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In 2013, after managing a team of over 70 people as a Director at Zynga, Lucy Beard quit her job to take a break from the outside world. Along with her beloved dog and husband, Beard embarked on a 6-month trek throughout Alaska, wearing down several pairs of her favorite shoes while traversing some of the world's most beautiful landscapes.

Upon her return, Beard searched for a new pair of shoes, but became frustrated when she couldn't find a pair perfectly fit for her. Around the same time, she also stopped by a coffee shop and noticed how the coffee machine could spew out dozens of drink varieties, all tailored to each customer’s needs. In this moment, Beard had an epiphany:

How could three machines make 87,000 types of coffee and I couldn’t get a pair of shoes?

Beard realized that while there were available technologies to aid consumers in finding shoes that fit, there were less technologies allow personal design. Doing some research, she developed the idea of employing emerging 3D printing technology to create customizable shoes. With this basic framework for a business idea in mind, she joined the San Diego Founder Institute to further develop the idea and kickstart her progress.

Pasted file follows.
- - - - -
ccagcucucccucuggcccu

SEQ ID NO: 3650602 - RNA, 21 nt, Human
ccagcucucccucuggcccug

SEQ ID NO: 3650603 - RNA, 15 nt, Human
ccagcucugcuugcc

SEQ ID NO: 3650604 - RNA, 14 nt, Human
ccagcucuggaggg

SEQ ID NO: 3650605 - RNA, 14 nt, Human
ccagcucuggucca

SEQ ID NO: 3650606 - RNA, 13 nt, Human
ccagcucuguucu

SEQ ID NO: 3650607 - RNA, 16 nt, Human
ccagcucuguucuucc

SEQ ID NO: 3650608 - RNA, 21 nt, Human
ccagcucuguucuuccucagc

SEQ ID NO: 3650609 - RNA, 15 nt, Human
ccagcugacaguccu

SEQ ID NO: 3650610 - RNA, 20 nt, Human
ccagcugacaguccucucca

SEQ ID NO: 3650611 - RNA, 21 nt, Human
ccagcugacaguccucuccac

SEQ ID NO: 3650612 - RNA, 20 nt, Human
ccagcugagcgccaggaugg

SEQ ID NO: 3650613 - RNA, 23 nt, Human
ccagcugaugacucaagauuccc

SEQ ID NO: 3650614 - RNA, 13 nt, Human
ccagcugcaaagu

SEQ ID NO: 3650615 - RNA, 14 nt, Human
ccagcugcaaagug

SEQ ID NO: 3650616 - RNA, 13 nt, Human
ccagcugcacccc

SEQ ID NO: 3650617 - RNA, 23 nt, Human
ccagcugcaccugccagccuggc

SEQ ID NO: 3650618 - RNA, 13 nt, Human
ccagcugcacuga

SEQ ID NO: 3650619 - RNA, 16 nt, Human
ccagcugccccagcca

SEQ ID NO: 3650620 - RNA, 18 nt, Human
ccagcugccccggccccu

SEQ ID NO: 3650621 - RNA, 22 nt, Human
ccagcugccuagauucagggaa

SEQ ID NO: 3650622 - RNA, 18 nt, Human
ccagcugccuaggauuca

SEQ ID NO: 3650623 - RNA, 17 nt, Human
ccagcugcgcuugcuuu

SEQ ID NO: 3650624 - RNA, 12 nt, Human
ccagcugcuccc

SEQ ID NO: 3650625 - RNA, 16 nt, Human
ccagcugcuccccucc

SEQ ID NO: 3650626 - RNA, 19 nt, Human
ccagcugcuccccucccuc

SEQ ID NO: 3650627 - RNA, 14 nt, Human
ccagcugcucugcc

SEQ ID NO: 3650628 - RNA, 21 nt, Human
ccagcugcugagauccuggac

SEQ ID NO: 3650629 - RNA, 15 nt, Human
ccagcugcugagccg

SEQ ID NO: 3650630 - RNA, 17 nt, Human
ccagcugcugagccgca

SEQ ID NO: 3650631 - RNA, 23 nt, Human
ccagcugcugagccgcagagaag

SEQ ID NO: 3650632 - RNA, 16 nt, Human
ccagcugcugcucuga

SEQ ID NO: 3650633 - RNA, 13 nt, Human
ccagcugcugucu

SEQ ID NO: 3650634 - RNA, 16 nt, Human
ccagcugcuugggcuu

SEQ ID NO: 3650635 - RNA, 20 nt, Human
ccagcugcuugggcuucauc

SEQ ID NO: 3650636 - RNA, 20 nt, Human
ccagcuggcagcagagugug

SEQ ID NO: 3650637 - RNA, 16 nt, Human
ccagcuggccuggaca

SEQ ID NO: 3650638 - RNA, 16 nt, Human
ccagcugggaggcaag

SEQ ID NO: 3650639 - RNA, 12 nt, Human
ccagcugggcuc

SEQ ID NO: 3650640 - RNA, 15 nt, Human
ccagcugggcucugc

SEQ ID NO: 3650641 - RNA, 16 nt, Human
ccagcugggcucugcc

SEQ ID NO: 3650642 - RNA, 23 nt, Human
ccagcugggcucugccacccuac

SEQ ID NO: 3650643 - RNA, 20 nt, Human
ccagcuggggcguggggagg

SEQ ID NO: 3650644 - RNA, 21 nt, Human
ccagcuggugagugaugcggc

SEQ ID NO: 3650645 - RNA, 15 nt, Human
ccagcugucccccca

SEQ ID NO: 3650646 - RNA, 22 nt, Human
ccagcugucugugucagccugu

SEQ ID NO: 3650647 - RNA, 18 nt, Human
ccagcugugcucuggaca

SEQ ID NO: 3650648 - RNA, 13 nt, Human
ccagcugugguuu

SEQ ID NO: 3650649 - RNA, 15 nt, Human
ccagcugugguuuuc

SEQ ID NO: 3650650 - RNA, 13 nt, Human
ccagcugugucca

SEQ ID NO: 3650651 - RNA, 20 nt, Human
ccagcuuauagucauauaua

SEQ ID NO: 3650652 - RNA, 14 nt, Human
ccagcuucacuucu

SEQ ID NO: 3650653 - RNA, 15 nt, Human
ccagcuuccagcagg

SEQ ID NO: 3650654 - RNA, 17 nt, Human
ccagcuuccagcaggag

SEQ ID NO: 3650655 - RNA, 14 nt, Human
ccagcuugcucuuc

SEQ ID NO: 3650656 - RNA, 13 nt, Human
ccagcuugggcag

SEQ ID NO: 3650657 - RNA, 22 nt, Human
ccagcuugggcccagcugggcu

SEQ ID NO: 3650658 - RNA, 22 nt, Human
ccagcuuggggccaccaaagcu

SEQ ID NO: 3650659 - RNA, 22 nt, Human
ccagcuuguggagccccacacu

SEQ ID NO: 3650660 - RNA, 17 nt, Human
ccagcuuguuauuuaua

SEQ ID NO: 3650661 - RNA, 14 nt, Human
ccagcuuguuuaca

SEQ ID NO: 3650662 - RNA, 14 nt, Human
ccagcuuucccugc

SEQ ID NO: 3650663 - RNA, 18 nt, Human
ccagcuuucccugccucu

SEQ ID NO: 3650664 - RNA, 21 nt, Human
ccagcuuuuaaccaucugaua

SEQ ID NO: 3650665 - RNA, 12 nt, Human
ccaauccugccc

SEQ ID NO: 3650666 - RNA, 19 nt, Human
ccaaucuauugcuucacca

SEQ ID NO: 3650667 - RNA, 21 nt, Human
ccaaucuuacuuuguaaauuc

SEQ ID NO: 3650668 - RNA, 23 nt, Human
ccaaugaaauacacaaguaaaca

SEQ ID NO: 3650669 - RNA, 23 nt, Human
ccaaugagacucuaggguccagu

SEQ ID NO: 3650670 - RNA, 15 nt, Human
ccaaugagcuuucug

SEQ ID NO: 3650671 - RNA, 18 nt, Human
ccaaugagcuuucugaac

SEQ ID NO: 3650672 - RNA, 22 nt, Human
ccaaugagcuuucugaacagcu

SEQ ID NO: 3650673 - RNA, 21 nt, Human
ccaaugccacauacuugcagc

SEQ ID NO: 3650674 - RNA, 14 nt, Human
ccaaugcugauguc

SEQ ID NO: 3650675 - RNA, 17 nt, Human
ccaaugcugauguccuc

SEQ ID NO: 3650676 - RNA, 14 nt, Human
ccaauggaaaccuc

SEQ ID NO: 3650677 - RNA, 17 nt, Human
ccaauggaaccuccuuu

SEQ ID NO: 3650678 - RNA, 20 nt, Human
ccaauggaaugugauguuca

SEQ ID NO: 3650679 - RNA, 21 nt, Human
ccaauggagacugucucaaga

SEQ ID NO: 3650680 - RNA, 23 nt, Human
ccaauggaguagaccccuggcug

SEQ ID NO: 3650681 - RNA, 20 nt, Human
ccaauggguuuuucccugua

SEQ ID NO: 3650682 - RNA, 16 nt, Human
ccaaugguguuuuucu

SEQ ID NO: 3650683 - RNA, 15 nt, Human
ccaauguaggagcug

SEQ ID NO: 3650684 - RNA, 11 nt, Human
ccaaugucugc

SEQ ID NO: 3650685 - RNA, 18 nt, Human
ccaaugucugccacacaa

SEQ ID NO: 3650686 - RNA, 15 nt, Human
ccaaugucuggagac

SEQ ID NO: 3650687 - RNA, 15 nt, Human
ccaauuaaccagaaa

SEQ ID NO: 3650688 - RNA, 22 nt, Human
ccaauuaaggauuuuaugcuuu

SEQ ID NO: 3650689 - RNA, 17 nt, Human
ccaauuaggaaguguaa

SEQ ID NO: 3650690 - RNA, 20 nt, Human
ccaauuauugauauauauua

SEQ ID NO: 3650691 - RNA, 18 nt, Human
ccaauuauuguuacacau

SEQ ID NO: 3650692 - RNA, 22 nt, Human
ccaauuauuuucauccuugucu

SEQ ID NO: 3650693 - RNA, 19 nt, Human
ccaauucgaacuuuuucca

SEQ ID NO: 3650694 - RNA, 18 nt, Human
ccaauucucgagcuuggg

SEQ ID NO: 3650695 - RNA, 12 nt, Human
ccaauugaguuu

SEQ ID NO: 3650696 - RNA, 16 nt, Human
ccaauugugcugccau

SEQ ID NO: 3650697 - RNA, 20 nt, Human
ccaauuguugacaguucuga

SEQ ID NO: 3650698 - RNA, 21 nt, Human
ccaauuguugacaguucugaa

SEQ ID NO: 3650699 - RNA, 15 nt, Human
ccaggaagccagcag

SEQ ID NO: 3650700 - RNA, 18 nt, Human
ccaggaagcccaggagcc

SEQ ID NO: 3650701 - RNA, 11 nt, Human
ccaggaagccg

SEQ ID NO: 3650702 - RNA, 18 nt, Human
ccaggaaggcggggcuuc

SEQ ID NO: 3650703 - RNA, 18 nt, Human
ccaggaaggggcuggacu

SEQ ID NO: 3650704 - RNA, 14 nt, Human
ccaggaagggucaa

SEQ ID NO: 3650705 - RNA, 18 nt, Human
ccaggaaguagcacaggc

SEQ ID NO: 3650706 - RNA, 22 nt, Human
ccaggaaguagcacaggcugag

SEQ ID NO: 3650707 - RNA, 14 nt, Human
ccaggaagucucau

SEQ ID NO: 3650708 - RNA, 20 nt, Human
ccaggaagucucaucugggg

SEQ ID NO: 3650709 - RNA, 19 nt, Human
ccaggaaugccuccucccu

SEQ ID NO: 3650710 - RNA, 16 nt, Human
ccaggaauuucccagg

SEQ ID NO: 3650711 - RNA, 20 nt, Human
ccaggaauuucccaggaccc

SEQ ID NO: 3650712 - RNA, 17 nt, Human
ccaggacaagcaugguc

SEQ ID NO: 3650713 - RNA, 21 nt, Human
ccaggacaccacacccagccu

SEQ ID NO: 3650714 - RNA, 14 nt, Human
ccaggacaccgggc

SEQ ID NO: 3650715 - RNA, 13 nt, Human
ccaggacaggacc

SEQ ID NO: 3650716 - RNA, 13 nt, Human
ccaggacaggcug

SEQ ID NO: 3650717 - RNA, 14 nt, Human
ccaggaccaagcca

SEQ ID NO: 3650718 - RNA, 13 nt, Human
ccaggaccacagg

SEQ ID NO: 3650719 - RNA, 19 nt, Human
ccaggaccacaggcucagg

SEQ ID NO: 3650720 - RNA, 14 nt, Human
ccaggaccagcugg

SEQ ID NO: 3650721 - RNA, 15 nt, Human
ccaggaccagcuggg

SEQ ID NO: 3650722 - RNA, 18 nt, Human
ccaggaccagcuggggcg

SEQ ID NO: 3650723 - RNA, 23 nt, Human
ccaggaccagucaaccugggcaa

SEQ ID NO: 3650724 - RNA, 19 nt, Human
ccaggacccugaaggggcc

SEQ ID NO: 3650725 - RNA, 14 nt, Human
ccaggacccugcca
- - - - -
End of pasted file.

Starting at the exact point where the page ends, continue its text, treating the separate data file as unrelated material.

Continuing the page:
“Every week they teach you things like how to do a marketing plan, how to do a business plan and you have to practice pitching every single time. Four months later, I had pitched at least a hundred times, got tons of feedback and actually tested things with customers. Therefore, I was very far ahead.

Beard graduated the program as the Founder of Feetz, a company that 3D prints custom shoes, with a mission to "offer 7 billion sizes: 1 for everyone in the world". Through a simple smartphone app, customers can take pictures of their feet from multiple angles, and then order a pair of shoes to be custom printed from a Feetz factory, where all manufacturing takes place in the United States.

 

The ability for 3D printers in controlling every layer and hence creating material mimicry by printing techniques means we can disrupt the current method of shoe manufacturing.

Since graduating from the Founder Institute, Feetz has gone on to raise several million dollars in funding (including an investment from the former CEO of Reebok), won multiple pitch competitions, set up offices in Nashville Tennessee and New York City, and gained features on major media channels like the Wall Street Journal, Fast Company, and more.

In addition, Feetz signed a partnership with DSW Inc., America's leading footwear and accessories retailer, to provide custom 3D-printed shoes at their stores. 

If Lucy Beard keeps up this fast-pace of progress, then your next pair of shoes may be perfectly fitted to you from Feetz, in a one of 7 billion designs.

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